5. THEY MIGHT RESCUE YOU IN A ROADSIDE EMERGENCY.

Although their personal morality mileage is different for mechanics, they all feel it is their duty to stop whenever they see a driver who is stranded. “I do a lot of highway driving in the winter and the rule of thumb is if you see someone stranded on the highway, you stop and check on them,” says Ryan M., a mechanic from Winnipeg. “I’ve also pulled lots of vehicles out of ditches and off curbs.”

6. DEALERSHIPS HAVE ACCESS TO RESOURCES THAT PRIVATELY-OWNED SHOPS DON’T.

If you’ve ever considered whether you should bring your non-warranty vehicle in for repairs at a local, less expensive owned shop over the dealer-branded shingle, here’s a point to think about: Many of those smaller businesses can’t afford to pay for the kind of information provided by car manufacturers in order to in diagnosing and treating any issue. “We’re able to go deep into the Volkswagen brand,” Charles says. “There are plenty of resources available to us which an independent location wouldn’t. We can access the car’s engineers if we require that. The brand is an allyA small-scale shop won’t to invest $15,000 per year (for this data) to be a specialist in one type of carOnce they’ve surpassed their range of expertise, it’s more sense to go to dealers.”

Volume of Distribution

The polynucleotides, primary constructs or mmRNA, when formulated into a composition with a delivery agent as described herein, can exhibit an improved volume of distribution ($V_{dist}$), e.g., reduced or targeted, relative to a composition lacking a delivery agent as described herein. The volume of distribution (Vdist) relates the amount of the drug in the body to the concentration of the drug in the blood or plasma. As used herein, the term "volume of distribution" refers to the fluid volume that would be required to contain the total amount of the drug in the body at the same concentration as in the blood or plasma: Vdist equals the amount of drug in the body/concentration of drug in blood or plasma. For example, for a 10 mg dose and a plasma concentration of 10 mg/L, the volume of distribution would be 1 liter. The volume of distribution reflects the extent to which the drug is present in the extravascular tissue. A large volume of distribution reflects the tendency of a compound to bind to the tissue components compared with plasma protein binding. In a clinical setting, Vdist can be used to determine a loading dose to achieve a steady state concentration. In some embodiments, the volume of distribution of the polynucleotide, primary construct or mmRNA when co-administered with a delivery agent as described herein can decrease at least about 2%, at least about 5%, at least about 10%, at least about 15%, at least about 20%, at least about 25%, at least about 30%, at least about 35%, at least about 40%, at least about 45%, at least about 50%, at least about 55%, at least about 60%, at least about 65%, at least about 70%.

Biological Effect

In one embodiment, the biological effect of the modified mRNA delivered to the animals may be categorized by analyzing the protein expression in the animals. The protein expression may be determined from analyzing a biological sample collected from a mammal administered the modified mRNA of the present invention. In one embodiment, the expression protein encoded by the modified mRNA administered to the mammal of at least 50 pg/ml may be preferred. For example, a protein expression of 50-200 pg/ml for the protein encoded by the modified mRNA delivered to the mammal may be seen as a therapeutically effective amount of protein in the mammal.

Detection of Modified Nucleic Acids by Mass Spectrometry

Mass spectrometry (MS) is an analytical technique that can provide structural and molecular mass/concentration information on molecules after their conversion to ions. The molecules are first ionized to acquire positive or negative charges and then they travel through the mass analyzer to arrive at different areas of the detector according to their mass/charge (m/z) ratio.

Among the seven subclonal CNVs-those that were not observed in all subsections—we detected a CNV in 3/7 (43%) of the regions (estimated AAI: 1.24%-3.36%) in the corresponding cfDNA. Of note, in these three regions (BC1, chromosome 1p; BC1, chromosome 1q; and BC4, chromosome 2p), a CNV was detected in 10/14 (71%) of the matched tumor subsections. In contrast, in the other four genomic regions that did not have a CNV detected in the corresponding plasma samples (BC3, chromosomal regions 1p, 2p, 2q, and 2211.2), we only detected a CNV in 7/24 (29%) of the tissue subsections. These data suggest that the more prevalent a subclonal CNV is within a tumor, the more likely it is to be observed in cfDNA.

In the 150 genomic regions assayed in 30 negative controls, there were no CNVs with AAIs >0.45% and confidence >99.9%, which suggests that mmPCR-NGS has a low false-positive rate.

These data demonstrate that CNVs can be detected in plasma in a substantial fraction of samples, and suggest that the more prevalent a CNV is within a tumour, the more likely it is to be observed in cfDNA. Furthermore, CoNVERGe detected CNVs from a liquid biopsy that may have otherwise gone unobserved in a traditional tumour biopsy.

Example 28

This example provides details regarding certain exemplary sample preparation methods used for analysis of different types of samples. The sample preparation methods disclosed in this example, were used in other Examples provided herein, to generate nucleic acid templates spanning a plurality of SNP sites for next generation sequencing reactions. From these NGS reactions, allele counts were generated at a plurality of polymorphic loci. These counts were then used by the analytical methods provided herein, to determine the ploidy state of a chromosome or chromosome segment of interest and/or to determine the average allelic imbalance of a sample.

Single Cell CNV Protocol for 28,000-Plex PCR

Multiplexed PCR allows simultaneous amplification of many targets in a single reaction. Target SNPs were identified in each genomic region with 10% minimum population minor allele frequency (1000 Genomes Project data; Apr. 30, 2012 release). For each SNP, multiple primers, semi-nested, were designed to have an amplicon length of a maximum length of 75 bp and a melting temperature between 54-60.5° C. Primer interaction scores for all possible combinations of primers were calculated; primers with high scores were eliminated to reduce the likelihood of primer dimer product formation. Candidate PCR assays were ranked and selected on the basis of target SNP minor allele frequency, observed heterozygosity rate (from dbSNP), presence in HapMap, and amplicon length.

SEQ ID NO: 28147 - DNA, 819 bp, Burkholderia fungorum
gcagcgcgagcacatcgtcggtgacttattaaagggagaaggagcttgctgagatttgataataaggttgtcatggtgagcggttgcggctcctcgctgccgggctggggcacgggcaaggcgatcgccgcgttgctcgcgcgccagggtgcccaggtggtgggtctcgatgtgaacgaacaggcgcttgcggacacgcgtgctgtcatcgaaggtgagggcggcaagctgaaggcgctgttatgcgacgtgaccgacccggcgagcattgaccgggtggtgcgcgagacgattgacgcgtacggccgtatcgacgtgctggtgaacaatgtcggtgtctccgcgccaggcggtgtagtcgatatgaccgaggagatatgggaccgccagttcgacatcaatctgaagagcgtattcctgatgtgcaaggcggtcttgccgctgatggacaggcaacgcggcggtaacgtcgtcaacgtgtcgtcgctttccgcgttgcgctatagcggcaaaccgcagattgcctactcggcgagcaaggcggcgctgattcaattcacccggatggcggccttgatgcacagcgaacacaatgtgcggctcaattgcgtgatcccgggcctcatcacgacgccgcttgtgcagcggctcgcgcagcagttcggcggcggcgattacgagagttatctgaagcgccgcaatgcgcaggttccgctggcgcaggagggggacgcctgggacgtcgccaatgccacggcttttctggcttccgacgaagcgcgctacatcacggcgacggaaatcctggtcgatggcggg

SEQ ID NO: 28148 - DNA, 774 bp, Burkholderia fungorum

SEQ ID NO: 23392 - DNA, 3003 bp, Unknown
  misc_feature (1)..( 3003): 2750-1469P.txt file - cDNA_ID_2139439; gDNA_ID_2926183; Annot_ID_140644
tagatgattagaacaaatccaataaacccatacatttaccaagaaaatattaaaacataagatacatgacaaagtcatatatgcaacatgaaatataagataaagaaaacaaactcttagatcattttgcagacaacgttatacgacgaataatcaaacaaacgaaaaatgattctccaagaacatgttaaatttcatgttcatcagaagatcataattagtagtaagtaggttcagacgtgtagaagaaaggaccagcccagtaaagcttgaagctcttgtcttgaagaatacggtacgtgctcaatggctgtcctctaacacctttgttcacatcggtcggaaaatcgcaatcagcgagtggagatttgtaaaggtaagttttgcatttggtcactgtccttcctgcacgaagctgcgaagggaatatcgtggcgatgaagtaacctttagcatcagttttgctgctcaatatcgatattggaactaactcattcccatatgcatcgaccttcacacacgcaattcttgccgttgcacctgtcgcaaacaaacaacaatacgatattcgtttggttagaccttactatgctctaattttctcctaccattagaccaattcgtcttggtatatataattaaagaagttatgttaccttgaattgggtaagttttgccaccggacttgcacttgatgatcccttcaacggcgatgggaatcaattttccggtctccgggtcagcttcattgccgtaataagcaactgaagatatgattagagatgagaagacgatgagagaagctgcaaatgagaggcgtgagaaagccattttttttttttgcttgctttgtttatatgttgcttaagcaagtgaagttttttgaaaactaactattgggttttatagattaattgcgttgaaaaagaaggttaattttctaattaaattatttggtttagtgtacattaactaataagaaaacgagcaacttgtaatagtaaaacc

7. YOU’RE TECHNICALLY NOT ALLOWED IN THE GARAGE. EVER.

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You’ve likely heard of having a mechanic demonstrate the defective component to ensure they’re not simply performing work that they haven’t doneThat involves a trip beyond the forbidden door marked “Do Not Enter.” But according to Ryan it’s not allowed to go back there regardless of the reason. “Insurance companies don’t want customers in the garage, ever,” Ryan declares. “It’s not that dangerous, but it’s not supposed to happen.”

8. THEY SOMETIMES MAKE THEIR OWN TOOLS.

Although mechanics usually begin by buying their own tools–some even investing tens of thousands in supplies, there will come a time when they’ll have to think outside the box. “A tool might be missing, or not put back in the right place,” mobile mechanic Long Island NY Charles says. “Or an enterprise may not produce what you require. I have a drawer full of sockets and wrenches. Making custom tools is an enjoyable experience.”

9. THEY USE A COOKIE SHEET TO STAY ORGANIZED.

While cell phones have become useful to keep track of how a part needs to be re-assembled however, some mechanics prefer to be organized by laid out parts in a predetermined order. “If I’m working on a vehicle I’ve never seen before, and it’s a complicated job or a job spread out over multiple days like a transmission rebuild or something like that, I’ll take a cookie sheet and magnets and lay things out spatially to stay organized,” Ryan M. says. “You can also mark parts with a Sharpie.”

10. THEY DON’T ALWAYS PERFORM EVERY LITTLE TASK.

Cars brought in to be maintained are supposed to undergo an array of minor adjustments, but the laundry list of items can be ignored depending on how pressed for the time your technician is. “Stuff like lubricating door hinges or latching mechanisms gets missed all the time,” Ryan mentions. “It doesn’t affect performance at that moment, but it can over time.”